Choreographers love to turn Swan Lake on its feathered ear with updated, sometimes subversive takes. But Aaron Watkin and the Semperoper Ballett Dresden have completely refreshed this most classic of classical ballets not by modernizing, but by digging up its ancient source, buried in the mists of Slavic folklore.
Dramatically, the most striking change is the reintroduction of the heroine’s complicated backstory, described through pantomime in Act 1. In this ur-version, the enchantment that turns Odette into a swan by day involves not simply the wicked sorcerer Rothbart, but Odette’s kindly grandmother, who is not too shabby with the spellcasting herself. (Granny returns at the ballet’s end to save the day, sort of.)
But it’s the sheer expressive dazzle of Watkin’s choreography that makes this production so fresh. It’s fast, complex, richly layered and gloriously musical. While many choreographers like the corps to all be doing the same thing, Watkin likes to break his corps up into spiralling micro groups, each dancing to the phrasing of a different line in Tchaikovsky’s score. Visually, it’s as fantastically textured as watching an orchestra play.
Watkin’s focus is less on supernatural unity than human individuality. The work is full of little moments, like when a party guest recoils from one of Rothbart’s preening black swans, or when the white swans are clustered together in little circles following Prince Siegfried’s inadvertent betrayal, a frightened flock whispering to each other: “Did you hear? Isn’t it awful?” Odette’s Act 1 entrance is a delightfully magical piece of stagecraft (I won’t spoil the surprise, but let’s just say she doesn’t simply pas de bourrée in, flapping her arms.)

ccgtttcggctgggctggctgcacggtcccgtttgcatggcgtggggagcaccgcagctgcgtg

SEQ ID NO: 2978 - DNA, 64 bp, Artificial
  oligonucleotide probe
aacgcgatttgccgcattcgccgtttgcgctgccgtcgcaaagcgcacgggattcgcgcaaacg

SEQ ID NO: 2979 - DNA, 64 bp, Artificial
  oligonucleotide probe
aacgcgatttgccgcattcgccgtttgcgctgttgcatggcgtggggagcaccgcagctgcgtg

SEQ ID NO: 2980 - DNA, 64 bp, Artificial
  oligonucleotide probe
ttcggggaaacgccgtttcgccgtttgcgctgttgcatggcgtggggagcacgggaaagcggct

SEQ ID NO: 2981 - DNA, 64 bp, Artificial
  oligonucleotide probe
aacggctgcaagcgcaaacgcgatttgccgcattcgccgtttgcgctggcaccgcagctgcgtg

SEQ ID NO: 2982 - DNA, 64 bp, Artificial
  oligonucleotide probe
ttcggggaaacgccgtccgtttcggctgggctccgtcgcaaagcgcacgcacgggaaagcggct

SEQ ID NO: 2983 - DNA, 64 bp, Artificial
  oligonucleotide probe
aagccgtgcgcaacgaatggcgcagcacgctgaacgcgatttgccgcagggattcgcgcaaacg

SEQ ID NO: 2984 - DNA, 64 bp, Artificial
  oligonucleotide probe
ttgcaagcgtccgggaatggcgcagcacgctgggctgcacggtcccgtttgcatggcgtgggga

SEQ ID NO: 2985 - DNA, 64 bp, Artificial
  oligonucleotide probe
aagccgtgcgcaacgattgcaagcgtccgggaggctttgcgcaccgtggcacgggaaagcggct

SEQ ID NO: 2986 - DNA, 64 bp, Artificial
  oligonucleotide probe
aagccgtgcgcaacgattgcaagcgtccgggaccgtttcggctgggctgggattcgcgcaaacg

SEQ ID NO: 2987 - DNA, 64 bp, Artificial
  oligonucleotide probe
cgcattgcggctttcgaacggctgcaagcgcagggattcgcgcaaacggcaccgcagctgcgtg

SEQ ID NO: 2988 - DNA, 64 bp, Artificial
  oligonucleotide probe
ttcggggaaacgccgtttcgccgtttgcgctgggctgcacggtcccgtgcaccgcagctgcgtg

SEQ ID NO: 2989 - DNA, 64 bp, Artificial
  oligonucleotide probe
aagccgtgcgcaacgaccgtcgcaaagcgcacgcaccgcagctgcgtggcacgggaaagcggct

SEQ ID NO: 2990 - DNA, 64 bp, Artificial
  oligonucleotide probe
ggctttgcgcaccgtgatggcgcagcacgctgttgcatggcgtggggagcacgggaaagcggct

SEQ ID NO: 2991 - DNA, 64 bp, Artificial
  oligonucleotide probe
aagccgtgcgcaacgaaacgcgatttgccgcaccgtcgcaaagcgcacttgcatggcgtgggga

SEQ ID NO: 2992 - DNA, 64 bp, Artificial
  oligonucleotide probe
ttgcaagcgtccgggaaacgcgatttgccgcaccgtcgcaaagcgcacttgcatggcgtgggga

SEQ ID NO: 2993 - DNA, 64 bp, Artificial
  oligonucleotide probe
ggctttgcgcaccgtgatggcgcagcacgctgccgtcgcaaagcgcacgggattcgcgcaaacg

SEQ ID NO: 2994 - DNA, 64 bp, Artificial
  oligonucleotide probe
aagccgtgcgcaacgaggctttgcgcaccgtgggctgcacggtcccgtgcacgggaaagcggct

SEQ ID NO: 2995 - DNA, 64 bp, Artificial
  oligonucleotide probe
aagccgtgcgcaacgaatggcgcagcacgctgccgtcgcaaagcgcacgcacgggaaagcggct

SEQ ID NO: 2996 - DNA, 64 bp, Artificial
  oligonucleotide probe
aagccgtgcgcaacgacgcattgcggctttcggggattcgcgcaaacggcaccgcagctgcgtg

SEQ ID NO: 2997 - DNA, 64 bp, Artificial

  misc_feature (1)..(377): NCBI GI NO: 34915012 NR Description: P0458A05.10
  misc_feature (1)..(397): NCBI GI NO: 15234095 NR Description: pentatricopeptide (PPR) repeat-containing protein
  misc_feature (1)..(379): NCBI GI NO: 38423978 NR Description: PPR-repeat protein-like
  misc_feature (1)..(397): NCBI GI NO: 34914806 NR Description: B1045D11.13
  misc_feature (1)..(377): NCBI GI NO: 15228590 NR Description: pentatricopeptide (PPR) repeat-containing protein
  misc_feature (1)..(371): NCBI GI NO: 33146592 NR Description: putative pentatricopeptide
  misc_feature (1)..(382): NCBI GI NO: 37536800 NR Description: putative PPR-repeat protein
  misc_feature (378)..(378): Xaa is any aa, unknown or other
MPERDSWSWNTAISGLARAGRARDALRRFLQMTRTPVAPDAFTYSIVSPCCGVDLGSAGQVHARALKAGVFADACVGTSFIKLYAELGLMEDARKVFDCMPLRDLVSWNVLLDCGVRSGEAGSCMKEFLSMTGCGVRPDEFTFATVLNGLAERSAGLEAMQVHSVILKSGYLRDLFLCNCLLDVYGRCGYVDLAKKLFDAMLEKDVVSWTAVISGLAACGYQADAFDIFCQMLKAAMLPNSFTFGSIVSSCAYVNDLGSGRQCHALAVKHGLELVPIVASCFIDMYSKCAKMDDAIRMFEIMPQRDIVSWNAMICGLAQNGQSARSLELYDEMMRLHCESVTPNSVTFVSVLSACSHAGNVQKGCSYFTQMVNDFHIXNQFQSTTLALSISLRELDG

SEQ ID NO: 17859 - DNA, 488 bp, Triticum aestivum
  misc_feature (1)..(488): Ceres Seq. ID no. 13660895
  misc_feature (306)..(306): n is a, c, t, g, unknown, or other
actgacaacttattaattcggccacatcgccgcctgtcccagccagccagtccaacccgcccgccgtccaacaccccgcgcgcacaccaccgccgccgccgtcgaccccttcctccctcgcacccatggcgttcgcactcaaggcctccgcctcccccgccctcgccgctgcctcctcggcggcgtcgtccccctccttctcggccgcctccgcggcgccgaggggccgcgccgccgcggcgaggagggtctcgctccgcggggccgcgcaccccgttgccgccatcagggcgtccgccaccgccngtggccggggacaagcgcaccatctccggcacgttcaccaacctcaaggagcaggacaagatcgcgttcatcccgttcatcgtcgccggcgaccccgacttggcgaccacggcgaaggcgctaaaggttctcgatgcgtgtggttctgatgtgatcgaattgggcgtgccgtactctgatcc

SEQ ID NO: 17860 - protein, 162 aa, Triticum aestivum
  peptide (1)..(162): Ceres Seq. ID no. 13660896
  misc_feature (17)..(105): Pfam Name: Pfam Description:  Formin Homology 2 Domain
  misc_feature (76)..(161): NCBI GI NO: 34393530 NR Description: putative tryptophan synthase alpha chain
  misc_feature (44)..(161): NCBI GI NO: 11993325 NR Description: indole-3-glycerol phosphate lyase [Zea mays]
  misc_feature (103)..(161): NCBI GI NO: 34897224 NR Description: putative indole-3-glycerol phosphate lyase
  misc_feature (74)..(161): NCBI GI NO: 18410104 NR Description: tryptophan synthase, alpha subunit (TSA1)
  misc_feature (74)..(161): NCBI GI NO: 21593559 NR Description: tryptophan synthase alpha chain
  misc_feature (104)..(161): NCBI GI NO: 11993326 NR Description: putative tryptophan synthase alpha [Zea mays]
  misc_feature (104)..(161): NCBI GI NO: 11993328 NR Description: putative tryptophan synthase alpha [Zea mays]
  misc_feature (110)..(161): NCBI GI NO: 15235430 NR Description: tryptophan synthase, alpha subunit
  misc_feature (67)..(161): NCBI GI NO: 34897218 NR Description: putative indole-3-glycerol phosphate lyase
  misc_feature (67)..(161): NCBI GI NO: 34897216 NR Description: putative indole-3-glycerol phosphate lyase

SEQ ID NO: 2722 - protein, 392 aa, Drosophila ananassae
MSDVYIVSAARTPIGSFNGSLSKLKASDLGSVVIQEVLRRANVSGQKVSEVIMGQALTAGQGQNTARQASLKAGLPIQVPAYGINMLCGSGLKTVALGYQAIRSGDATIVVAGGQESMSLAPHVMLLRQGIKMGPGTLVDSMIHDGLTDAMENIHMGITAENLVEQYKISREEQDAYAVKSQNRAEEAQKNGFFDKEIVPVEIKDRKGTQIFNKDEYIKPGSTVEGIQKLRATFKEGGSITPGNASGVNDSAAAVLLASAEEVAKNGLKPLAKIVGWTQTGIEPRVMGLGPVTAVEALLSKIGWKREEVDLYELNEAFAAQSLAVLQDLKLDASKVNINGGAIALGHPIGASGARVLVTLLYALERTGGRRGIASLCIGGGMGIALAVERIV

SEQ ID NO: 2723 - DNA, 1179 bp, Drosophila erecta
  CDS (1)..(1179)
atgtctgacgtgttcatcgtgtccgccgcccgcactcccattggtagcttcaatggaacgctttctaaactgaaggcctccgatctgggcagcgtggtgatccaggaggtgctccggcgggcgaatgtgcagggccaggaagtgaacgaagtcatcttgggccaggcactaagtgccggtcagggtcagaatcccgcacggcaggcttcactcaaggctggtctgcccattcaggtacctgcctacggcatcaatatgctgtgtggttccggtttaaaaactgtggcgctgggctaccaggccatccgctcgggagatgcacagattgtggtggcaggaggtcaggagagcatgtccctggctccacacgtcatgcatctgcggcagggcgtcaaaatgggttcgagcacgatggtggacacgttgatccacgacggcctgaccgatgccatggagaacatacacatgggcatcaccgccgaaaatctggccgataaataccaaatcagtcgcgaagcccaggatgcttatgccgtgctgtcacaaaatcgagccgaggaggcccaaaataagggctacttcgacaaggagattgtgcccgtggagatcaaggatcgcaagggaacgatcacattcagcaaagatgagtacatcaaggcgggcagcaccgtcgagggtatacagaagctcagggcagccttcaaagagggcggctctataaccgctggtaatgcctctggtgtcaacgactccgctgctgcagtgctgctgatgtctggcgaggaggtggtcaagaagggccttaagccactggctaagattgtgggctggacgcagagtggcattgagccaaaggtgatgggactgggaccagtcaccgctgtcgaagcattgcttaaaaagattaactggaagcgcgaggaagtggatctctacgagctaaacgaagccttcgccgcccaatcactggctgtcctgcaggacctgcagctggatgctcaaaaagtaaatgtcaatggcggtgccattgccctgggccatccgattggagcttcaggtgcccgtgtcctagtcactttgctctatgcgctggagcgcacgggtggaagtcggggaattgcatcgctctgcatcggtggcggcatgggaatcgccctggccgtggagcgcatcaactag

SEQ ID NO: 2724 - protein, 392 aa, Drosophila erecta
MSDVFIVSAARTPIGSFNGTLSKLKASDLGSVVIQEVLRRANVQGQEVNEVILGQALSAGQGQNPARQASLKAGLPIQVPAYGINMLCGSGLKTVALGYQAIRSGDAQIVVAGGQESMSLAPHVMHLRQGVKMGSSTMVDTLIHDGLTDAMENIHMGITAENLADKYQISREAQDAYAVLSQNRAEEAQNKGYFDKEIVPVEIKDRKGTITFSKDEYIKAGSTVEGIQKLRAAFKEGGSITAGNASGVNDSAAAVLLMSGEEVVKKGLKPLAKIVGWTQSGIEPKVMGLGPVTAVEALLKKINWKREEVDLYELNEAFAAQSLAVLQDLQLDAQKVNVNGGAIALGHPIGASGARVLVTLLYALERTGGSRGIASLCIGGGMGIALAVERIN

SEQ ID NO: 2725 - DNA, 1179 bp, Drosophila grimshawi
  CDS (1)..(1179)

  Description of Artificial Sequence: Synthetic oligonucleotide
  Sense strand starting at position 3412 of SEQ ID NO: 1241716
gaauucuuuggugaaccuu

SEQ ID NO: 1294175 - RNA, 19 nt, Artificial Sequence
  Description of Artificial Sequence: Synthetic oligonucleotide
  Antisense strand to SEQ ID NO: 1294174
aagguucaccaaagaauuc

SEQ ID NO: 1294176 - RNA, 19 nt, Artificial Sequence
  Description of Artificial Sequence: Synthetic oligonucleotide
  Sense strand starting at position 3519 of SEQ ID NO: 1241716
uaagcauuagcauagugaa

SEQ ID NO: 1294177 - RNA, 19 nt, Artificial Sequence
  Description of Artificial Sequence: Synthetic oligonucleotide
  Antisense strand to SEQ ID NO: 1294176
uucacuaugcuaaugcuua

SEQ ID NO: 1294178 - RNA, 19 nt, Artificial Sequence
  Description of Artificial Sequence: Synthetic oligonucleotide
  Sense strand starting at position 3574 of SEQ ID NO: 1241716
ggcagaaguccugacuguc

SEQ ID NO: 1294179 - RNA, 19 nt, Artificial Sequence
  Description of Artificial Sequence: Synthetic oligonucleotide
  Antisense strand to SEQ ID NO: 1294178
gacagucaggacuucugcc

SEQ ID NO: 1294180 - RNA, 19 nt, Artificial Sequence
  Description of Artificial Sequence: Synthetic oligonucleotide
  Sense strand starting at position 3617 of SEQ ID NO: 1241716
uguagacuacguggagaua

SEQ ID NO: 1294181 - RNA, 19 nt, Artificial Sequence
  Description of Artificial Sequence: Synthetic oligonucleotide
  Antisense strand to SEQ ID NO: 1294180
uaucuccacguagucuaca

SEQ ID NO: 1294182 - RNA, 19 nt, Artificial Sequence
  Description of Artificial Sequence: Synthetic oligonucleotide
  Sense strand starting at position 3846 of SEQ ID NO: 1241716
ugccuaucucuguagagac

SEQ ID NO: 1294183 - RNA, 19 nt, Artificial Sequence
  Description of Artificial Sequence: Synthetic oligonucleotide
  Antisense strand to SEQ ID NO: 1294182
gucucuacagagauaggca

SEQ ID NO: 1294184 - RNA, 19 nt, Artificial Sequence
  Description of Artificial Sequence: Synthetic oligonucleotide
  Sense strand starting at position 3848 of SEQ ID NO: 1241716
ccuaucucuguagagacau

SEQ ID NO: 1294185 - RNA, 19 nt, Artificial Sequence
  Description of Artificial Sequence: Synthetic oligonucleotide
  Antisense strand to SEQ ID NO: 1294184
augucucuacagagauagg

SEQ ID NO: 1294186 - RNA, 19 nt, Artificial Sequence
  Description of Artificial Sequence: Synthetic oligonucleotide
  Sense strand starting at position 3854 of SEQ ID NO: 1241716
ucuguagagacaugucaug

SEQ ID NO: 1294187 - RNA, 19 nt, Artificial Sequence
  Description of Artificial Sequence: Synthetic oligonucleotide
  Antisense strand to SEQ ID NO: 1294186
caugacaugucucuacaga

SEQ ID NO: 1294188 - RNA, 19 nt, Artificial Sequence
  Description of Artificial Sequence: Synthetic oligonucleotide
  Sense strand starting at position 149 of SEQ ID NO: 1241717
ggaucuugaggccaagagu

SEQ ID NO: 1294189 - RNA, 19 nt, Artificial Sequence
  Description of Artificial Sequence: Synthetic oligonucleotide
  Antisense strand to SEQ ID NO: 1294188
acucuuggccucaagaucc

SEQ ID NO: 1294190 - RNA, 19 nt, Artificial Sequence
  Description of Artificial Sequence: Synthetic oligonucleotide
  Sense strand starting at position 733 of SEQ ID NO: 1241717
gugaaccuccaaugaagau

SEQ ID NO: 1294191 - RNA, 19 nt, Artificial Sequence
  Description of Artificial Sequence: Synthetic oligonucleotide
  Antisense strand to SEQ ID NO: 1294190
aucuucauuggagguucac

At the Thursday premiere of the company’s three-night NAC run, the majestic Sangeun Lee danced the double Odette-Odile role. Lee is nearly six feet tall and she uses all that Modigliani length to extraordinary effect: languid and quivering as Odette, cobra-like as Odile. With his beautiful lines, carriage, and chiselled cheekbones, Dmitry Semionov — another unusually tall dancer — captures Siegfried’s princely hauteur as well as his youthful dreaminess. As the Prince’s pal Benno, compact Jon Vallejo showed off springing, lofty, laser cut jumps, so tidy you could frame him. Among the “international princesses” in the Act 2 ball scene, sparkling Ayaha Tsunaki stood out with her exuberant Neapolitan tarantella.
Just back from a gruelling tour of Western Canada (and a huge Sibelius festival before that), NACO sounded a little peaked under conductor Mikhail Agrest. Intonation wasn’t impeccable, and overall the energy level wasn’t entirely convincing. But there were gorgeous, concerto-worthy solos from Jessica Linnebach in the concertmaster’s chair, as well as oboist Chip Hamann and trumpet Karen Donnelly.